In a tweet posted on 11 January, the Edinburgh Medical School stated: "We are very saddened at the passing of our much-loved colleague, Professor Fiona Denison. Fiona touched many lives -- as a caring clinician, an inspiring teacher, and a passionate researcher. Her loss will be felt greatly by all who knew her, and our thoughts are with her family."
Fiona Denison is shown here during a June 2019 TV interview with BBC News about the importance of multidisciplinary specialist care and support for obese women during pregnancy.
Her brother Dr. Alan Denison, a consultant radiologist at National Health Service (NHS) Grampian and dean of postgraduate medicine at NHS Education for Scotland, issued the first tribute to his sister on social media on 10 January, according to an article posted by the Daily Record.
"My sister Fiona Denison died yesterday following a long battle with COVID," he is quoted as saying. "A gifted, kind and compassionate obstetrician, researcher, teacher, academic, musician, friend, wife, mother, auntie and daughter. RIP."
Born in 1970, she spent half her work time as a consultant obstetrician and half as a reader in maternal and fetal health at Edinburgh's Medical Research Council (MRC) Centre for Reproductive Health. She was principal investigator for the Edinburgh Tommy's Centre for Maternal and Fetal Health, a research unit focusing on maternal obesity.
Fiona became a reader/honorary consultant in maternal and fetal health at the University of Edinburgh in 2014, and then professor of translational obstetrics at the MRC Centre for Reproductive Health, University of Edinburgh, in August 2018.
She had a particular interest in ultrasound guidance in regional anesthesia, and she conducted a study involving the integration of an ultrasound needle to facilitate placement of regional anesthesia in obese pregnant women.
"The overarching aim of my global health research programme is to reduce maternal and offspring outcomes for morbidity and mortality in low and middle income countries," she noted in her bio on the university website. "Most of my research activities are in Uganda, where I have several research studies focused on capacity building research and translational expertise in technologies and healthcare to improve maternal and offspring outcomes."
Fiona Denison had a keen interest in global health, particularly Uganda. Image courtesy of University of Edinburgh.
Fiona also led a study to explore the feasibility of delivering developmental care to preterm neonates with partners in Uganda and Malawi.
Referring to herself as a clinician scientist, she noted that her work was multidisciplinary and translational, the main theme being to optimize maternal, fetal, and healthcare outcomes.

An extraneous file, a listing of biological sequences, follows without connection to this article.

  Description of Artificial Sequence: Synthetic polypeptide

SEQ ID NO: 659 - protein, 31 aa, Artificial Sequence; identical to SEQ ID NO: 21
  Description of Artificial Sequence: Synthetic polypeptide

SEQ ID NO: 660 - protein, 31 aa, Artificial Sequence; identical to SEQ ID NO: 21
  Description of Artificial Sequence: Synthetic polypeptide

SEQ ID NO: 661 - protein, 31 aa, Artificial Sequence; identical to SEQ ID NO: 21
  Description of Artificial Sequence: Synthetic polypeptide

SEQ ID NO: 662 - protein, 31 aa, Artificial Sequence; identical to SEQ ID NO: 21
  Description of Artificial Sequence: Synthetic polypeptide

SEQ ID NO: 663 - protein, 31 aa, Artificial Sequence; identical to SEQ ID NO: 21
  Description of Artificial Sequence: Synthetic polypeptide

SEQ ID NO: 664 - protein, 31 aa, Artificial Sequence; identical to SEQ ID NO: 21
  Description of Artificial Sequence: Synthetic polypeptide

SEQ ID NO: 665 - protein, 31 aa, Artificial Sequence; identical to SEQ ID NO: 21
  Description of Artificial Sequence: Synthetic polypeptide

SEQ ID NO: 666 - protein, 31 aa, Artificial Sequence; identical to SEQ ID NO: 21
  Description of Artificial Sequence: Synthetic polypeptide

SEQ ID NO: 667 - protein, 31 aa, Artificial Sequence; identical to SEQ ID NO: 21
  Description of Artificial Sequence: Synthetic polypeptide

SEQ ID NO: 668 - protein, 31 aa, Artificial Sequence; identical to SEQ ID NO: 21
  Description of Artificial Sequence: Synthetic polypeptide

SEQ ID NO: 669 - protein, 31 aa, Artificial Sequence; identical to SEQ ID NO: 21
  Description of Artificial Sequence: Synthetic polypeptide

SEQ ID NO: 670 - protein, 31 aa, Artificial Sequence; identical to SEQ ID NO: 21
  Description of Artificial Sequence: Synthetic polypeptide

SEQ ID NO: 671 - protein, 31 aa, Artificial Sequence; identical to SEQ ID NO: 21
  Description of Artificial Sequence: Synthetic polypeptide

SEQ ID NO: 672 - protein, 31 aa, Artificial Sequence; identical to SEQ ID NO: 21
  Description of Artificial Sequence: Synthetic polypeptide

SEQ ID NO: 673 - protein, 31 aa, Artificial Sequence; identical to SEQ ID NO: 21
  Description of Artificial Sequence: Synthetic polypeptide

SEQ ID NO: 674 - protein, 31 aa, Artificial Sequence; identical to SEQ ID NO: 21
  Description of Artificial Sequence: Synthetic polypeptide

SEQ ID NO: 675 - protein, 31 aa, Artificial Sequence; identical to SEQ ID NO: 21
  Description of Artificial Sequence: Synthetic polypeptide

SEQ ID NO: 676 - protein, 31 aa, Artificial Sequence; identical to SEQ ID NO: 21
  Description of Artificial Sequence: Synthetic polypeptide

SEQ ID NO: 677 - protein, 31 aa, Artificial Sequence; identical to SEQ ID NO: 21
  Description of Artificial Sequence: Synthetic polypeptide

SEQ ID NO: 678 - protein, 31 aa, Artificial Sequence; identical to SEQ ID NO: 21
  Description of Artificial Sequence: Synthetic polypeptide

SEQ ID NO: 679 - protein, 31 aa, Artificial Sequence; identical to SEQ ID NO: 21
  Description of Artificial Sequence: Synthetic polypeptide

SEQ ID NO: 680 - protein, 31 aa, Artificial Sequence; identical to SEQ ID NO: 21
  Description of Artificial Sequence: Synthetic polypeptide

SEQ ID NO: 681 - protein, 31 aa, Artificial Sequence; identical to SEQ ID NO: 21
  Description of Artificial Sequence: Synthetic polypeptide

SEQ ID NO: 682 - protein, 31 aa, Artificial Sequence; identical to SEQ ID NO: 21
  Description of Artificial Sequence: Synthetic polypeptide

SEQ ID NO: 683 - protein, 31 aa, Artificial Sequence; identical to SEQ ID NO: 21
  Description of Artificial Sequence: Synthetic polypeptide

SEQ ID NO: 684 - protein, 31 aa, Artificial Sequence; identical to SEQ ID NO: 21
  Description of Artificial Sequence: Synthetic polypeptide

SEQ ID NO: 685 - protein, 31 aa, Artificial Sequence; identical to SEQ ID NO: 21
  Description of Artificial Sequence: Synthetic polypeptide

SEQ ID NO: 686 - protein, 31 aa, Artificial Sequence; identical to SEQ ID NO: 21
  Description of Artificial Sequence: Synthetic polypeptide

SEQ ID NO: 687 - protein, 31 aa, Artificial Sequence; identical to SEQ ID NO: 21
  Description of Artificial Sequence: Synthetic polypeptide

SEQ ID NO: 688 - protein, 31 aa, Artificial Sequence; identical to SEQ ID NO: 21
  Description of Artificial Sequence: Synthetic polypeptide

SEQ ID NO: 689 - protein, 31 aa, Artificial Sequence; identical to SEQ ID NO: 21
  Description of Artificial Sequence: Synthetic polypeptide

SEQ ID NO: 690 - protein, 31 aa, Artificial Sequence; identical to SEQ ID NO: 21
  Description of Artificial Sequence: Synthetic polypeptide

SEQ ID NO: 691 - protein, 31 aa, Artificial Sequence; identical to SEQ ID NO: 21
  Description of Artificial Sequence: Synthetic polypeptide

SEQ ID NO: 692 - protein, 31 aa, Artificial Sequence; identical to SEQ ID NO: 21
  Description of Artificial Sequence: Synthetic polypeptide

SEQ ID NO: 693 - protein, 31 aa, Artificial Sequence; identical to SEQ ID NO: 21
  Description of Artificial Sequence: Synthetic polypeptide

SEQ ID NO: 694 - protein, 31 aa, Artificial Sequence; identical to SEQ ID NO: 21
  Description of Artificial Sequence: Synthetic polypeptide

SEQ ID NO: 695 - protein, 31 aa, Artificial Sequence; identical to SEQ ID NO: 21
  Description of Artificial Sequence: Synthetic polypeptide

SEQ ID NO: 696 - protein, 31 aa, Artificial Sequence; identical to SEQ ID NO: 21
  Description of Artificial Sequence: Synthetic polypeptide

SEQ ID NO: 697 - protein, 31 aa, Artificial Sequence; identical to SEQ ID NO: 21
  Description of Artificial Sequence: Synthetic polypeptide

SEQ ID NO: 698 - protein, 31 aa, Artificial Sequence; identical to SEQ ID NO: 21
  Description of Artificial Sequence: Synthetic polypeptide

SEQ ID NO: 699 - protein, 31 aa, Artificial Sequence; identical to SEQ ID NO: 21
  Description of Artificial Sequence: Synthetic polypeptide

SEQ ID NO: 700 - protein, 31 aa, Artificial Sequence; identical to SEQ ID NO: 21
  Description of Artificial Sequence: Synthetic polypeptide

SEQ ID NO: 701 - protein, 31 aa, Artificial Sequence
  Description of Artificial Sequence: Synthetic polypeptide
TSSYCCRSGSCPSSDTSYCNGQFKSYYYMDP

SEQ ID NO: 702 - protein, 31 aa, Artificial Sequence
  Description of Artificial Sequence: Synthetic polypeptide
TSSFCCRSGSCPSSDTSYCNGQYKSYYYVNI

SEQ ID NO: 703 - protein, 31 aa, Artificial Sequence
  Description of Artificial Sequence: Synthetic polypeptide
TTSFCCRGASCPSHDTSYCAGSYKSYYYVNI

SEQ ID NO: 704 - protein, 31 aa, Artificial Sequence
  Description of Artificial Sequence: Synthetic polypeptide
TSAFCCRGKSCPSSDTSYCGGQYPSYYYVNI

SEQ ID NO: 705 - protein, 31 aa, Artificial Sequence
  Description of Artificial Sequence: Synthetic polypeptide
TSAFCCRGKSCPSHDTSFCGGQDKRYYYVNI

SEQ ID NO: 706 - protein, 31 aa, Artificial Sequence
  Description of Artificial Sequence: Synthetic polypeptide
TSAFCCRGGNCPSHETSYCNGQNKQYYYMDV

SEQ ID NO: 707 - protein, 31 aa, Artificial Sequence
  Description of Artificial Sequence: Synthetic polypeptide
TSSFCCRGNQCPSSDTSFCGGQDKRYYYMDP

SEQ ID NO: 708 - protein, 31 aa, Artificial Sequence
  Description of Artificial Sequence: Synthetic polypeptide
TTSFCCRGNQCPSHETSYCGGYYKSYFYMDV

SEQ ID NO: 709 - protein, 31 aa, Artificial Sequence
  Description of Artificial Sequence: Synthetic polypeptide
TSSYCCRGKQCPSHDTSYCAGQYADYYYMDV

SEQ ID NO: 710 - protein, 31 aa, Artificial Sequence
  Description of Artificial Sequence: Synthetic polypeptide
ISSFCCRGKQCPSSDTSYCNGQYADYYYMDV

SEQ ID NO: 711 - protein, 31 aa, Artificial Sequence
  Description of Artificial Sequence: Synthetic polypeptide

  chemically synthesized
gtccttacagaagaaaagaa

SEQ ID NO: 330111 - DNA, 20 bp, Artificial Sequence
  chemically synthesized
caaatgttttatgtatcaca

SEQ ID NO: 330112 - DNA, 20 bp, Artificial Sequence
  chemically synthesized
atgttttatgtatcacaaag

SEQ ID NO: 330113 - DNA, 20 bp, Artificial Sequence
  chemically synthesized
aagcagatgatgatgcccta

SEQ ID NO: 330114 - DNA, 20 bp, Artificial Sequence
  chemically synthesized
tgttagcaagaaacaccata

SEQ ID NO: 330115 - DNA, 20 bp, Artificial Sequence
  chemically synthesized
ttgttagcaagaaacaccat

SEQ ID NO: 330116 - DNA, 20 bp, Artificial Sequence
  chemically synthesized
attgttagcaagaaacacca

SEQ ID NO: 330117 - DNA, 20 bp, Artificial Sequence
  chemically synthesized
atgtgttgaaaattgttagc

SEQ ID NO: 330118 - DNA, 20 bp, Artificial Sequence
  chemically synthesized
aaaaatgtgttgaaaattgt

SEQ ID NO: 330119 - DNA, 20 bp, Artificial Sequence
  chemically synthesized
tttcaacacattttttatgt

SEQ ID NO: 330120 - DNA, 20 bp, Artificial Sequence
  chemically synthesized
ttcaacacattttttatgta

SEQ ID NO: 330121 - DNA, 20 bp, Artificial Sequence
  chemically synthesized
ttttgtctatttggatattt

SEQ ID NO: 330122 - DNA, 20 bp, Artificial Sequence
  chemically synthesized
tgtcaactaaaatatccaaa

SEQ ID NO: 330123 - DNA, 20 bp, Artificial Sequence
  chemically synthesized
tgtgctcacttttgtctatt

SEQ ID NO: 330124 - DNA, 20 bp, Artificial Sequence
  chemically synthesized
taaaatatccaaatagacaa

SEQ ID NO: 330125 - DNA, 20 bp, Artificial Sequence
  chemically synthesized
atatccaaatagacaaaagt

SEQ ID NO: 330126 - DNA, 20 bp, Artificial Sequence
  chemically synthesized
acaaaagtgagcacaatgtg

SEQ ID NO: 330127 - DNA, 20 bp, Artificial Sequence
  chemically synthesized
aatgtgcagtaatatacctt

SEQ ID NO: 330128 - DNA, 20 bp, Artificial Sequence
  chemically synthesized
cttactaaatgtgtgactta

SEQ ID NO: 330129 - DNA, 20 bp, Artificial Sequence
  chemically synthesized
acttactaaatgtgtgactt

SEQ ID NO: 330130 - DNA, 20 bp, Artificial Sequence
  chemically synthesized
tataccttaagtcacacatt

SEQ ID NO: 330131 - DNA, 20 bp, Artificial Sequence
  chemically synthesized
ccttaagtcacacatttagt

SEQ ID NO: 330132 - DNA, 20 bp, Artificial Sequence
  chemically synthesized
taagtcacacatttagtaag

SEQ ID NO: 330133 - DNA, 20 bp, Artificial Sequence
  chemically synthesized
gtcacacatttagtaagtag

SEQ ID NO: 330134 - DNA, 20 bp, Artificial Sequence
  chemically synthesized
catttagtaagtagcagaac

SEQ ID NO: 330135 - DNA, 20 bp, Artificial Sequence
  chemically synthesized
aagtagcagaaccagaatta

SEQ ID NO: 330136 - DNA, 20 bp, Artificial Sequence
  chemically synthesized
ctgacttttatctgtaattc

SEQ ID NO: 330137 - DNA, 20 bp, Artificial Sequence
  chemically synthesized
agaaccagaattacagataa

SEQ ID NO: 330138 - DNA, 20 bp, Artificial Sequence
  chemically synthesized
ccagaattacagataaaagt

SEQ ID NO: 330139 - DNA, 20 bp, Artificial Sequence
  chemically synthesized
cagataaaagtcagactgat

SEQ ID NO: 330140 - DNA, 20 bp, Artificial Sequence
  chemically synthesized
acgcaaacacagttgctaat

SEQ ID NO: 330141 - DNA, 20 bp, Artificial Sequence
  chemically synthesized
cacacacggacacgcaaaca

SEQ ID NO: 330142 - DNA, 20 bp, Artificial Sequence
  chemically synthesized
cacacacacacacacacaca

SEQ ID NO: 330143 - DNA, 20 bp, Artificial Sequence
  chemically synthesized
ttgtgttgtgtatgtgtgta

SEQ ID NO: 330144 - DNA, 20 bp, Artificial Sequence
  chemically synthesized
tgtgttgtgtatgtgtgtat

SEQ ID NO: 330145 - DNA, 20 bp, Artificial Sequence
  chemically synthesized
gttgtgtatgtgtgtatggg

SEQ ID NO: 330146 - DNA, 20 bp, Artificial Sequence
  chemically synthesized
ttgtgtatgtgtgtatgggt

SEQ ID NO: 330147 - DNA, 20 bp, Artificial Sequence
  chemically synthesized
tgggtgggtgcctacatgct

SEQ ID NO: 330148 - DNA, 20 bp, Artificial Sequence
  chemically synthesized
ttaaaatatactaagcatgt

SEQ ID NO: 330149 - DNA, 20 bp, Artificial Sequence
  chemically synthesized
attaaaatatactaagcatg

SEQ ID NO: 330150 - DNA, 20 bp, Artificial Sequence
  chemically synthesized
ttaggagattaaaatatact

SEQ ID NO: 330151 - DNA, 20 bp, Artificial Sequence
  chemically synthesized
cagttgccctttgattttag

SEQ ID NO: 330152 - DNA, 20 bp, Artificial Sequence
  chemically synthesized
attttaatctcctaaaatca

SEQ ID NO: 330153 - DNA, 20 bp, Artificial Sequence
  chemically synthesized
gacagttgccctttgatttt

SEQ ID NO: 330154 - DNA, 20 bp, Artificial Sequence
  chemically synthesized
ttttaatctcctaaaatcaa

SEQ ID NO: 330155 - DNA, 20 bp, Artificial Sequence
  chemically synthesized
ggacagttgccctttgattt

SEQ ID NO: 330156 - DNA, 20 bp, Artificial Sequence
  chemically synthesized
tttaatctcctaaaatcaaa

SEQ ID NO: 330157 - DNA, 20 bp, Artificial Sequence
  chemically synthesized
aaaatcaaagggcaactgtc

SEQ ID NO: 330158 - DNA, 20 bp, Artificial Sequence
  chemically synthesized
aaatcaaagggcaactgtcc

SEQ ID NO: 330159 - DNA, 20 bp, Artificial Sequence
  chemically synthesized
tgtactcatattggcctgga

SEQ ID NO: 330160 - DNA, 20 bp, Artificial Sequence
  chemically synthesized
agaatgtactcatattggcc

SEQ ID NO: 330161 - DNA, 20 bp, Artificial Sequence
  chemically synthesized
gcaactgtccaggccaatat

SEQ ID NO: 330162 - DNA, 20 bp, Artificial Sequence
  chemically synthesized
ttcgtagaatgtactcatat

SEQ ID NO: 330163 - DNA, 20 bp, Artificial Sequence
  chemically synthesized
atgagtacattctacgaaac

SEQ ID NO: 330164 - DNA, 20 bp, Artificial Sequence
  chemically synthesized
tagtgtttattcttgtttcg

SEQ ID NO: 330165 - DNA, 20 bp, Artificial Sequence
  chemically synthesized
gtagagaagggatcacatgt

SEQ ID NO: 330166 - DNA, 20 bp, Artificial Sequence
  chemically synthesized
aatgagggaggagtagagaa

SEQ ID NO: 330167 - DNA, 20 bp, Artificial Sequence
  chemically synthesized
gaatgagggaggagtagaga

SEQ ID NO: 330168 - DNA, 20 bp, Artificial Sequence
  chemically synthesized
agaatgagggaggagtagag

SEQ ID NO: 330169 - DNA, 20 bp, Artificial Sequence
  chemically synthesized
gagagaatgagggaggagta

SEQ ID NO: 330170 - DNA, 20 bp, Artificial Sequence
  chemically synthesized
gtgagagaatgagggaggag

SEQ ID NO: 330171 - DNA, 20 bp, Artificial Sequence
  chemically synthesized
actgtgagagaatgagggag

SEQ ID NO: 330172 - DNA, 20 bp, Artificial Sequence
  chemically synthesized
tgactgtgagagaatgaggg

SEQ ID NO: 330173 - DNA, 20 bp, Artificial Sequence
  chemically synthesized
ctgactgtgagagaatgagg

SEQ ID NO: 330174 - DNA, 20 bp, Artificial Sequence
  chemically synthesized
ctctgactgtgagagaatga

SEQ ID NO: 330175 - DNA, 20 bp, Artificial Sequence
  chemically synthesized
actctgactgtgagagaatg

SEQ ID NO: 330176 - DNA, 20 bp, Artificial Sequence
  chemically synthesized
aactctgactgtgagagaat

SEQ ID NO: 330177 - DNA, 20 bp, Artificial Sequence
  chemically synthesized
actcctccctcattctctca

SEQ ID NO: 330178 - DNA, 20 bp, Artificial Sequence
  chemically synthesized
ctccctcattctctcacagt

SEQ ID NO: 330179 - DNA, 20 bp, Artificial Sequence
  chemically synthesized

Fiona had an expanding portfolio of interdisciplinary research projects, which traverse the traditional barriers between engineering and clinical application, and she was developing a range of different devices and diagnostics to improve health outcomes, continued her university bio. These ranged from simple devices to improve viewing of the birthing process to more developmental projects that are at proof-of-concept stage, including fetal biosensing to in vivo placental spectroscopy to identify the failing placenta within the womb.
Translational and interdisciplinary research was a special motivation for Fiona Denison. Image courtesy of University of Edinburgh.
She worked with a range of colleagues from an engineering, textile, and social science background from institutions such as Heriot Watt and the University of Edinburgh.
She was vice chair of the U.K. National Institute for Clinical Excellence (NICE) Medical Technology Appraisal committee, which oversees end-stage devices that are in early-stage trials with a view to generating recommendations for national adoption within the healthcare system.
According to a 10 January report in the Herald, Fiona recognized that many babies die during or shortly after childbirth due to gaps in the monitoring process and led a project to develop medical devices to try to improve processes. Her contributions have improved health outcomes for mothers and babies here in Scotland and beyond, the article stated.
She was also the chief executive of Birthing Solutions and created a mirror to help midwives and new mothers view the birthing process more easily and for which she won a number of awards. She was a finalist in the 2013 NHS Lothian Health Hero awards, nominated by one of her patients for her concern for patient wellbeing.
According to a tweet by the Centre of Design, Innovation and Translational Excellence (CITE) in Mulago, Kampala, Uganda, "We are going to miss her so much here in Uganda. She was building a strong team to improve maternal and child health through medical device innovations. Rest well Fiona. CITE will miss you."
Editor's note: Since this article was written on 11 January, an update has been posted by the Scottish Herald about the circumstances surrounding the death of Fiona. Her family is keen that the full details are made available.
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